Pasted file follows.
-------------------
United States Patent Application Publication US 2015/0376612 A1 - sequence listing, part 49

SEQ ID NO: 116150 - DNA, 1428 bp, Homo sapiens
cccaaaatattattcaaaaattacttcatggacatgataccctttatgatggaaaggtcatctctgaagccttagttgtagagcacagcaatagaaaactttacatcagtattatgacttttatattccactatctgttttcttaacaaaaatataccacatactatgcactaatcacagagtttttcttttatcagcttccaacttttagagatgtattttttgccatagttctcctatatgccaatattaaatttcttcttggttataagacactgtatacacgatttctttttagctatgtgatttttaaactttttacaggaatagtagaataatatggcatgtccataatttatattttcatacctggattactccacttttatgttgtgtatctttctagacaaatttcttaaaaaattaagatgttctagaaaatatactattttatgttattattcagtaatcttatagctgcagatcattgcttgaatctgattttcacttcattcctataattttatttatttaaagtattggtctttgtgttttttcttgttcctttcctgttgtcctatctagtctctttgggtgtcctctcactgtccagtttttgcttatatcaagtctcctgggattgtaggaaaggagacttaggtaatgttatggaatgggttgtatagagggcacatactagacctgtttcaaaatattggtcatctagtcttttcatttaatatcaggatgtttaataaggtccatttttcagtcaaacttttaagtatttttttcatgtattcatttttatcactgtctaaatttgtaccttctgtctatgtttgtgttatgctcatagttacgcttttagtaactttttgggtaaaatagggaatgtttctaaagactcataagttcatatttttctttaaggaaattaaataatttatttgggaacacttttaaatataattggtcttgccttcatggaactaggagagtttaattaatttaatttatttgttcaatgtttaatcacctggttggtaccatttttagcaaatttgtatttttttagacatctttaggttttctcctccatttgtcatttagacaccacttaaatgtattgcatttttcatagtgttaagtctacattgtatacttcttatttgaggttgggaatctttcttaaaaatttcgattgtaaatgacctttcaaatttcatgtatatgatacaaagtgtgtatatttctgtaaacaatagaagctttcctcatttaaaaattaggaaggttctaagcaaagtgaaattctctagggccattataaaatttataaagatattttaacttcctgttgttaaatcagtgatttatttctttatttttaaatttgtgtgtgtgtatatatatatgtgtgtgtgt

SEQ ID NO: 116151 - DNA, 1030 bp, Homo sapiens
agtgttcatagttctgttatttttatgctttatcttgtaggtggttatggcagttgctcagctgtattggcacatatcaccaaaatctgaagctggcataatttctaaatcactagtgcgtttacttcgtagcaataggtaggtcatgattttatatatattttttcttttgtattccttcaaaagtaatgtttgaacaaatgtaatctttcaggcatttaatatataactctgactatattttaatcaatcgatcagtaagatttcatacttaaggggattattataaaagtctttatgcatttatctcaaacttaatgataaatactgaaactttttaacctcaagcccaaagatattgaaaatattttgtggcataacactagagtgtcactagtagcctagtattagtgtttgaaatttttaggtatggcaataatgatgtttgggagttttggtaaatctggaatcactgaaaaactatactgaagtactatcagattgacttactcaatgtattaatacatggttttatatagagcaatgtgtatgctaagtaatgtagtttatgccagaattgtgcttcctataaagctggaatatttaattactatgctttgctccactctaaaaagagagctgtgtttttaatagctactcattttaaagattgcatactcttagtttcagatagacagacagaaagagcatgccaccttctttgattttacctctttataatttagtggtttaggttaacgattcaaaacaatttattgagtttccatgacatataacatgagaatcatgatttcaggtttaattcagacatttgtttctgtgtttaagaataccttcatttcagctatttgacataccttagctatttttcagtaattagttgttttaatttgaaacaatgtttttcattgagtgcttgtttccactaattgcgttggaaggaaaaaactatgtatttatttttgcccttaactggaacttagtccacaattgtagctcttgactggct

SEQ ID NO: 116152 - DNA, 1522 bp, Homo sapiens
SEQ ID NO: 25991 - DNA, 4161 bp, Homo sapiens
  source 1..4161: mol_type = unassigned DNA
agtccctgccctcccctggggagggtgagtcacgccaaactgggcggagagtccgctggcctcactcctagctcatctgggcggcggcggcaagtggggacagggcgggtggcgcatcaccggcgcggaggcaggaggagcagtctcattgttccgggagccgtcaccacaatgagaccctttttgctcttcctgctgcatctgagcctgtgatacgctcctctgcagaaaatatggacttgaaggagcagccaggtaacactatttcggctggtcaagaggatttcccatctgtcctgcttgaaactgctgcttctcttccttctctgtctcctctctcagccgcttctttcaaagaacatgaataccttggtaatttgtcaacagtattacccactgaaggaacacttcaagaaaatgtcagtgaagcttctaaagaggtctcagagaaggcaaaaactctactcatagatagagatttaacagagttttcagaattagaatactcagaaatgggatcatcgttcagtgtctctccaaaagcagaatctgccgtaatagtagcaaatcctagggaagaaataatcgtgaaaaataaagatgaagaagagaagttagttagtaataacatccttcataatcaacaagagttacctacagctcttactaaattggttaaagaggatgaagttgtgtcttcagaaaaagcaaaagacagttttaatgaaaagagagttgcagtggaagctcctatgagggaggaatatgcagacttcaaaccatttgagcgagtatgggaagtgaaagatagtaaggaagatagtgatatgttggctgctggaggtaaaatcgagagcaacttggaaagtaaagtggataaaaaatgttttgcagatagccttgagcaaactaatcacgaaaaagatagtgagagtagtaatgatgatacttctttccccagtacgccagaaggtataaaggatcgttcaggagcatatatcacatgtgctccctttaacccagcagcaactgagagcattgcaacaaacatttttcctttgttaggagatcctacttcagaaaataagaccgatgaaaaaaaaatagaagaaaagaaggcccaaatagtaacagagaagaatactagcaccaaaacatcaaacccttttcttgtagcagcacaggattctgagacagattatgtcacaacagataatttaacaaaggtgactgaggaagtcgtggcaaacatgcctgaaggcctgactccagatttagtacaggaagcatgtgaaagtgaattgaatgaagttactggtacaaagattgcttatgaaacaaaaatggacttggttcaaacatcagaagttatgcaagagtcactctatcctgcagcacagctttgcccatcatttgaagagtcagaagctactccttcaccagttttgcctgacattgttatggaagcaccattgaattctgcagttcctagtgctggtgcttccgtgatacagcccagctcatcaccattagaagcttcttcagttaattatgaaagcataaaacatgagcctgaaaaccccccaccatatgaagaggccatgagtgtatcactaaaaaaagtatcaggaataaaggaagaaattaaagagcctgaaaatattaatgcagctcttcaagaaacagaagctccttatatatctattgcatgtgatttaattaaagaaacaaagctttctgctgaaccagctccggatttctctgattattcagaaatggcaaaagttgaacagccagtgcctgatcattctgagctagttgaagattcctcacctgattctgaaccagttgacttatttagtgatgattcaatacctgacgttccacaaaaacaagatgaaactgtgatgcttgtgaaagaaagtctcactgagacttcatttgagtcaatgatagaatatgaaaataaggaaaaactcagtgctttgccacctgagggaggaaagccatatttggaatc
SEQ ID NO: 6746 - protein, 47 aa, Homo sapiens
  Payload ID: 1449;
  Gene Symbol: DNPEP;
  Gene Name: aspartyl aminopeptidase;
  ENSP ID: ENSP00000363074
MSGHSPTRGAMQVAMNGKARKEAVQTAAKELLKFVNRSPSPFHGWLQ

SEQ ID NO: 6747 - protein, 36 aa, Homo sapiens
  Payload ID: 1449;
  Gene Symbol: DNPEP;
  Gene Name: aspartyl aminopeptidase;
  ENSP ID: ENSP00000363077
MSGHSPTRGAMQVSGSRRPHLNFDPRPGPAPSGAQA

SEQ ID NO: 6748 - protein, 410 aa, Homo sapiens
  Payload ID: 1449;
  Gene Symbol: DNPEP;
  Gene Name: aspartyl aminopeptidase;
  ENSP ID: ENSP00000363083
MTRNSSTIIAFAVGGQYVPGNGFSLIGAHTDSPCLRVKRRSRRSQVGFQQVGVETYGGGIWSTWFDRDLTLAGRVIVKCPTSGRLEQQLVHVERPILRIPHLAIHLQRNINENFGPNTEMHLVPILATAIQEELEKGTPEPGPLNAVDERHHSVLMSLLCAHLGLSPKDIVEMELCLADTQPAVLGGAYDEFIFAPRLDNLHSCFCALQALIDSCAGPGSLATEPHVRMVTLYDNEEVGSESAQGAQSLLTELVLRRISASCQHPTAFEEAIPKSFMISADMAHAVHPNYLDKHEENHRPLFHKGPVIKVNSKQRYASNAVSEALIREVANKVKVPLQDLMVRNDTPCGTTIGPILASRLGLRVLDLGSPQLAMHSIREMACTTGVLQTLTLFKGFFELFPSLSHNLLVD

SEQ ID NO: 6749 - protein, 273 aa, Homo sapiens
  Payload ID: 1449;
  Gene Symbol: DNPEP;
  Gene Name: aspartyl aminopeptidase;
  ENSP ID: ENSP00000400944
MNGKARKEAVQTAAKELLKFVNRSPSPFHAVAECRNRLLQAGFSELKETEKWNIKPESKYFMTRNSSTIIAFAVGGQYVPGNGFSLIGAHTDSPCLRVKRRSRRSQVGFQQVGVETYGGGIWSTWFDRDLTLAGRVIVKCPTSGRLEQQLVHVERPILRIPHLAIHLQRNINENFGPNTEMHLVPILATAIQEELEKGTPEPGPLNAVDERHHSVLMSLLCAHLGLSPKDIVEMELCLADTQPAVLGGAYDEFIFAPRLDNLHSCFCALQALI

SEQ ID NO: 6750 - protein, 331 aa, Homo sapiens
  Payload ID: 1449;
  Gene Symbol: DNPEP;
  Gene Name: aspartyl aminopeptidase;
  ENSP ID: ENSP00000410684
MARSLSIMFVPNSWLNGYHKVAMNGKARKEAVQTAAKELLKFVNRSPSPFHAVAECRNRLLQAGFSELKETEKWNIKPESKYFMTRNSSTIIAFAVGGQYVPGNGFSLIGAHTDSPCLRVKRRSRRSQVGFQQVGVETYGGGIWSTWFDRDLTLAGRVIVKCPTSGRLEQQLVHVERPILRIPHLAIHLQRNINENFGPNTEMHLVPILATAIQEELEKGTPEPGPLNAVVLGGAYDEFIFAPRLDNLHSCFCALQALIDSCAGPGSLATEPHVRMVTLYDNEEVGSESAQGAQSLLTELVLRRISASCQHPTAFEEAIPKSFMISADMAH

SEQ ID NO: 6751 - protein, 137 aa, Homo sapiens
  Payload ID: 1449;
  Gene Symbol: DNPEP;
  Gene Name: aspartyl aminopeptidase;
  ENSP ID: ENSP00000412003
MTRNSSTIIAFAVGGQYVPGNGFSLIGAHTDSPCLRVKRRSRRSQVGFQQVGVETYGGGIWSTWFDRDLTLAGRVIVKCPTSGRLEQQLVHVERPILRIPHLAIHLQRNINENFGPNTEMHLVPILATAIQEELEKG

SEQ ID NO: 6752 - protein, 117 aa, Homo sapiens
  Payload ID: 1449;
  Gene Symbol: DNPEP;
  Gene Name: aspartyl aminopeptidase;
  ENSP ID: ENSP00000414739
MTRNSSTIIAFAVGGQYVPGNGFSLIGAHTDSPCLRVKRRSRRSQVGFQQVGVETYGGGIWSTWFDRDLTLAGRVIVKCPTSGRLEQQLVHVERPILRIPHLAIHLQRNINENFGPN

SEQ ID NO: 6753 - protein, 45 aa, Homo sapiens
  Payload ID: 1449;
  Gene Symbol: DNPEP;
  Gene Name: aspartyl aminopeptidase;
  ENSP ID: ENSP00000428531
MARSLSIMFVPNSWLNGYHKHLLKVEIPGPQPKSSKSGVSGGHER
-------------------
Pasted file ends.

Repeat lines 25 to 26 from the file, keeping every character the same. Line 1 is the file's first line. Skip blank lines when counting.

  Gene Name: aspartyl aminopeptidase;
  ENSP ID: ENSP00000363083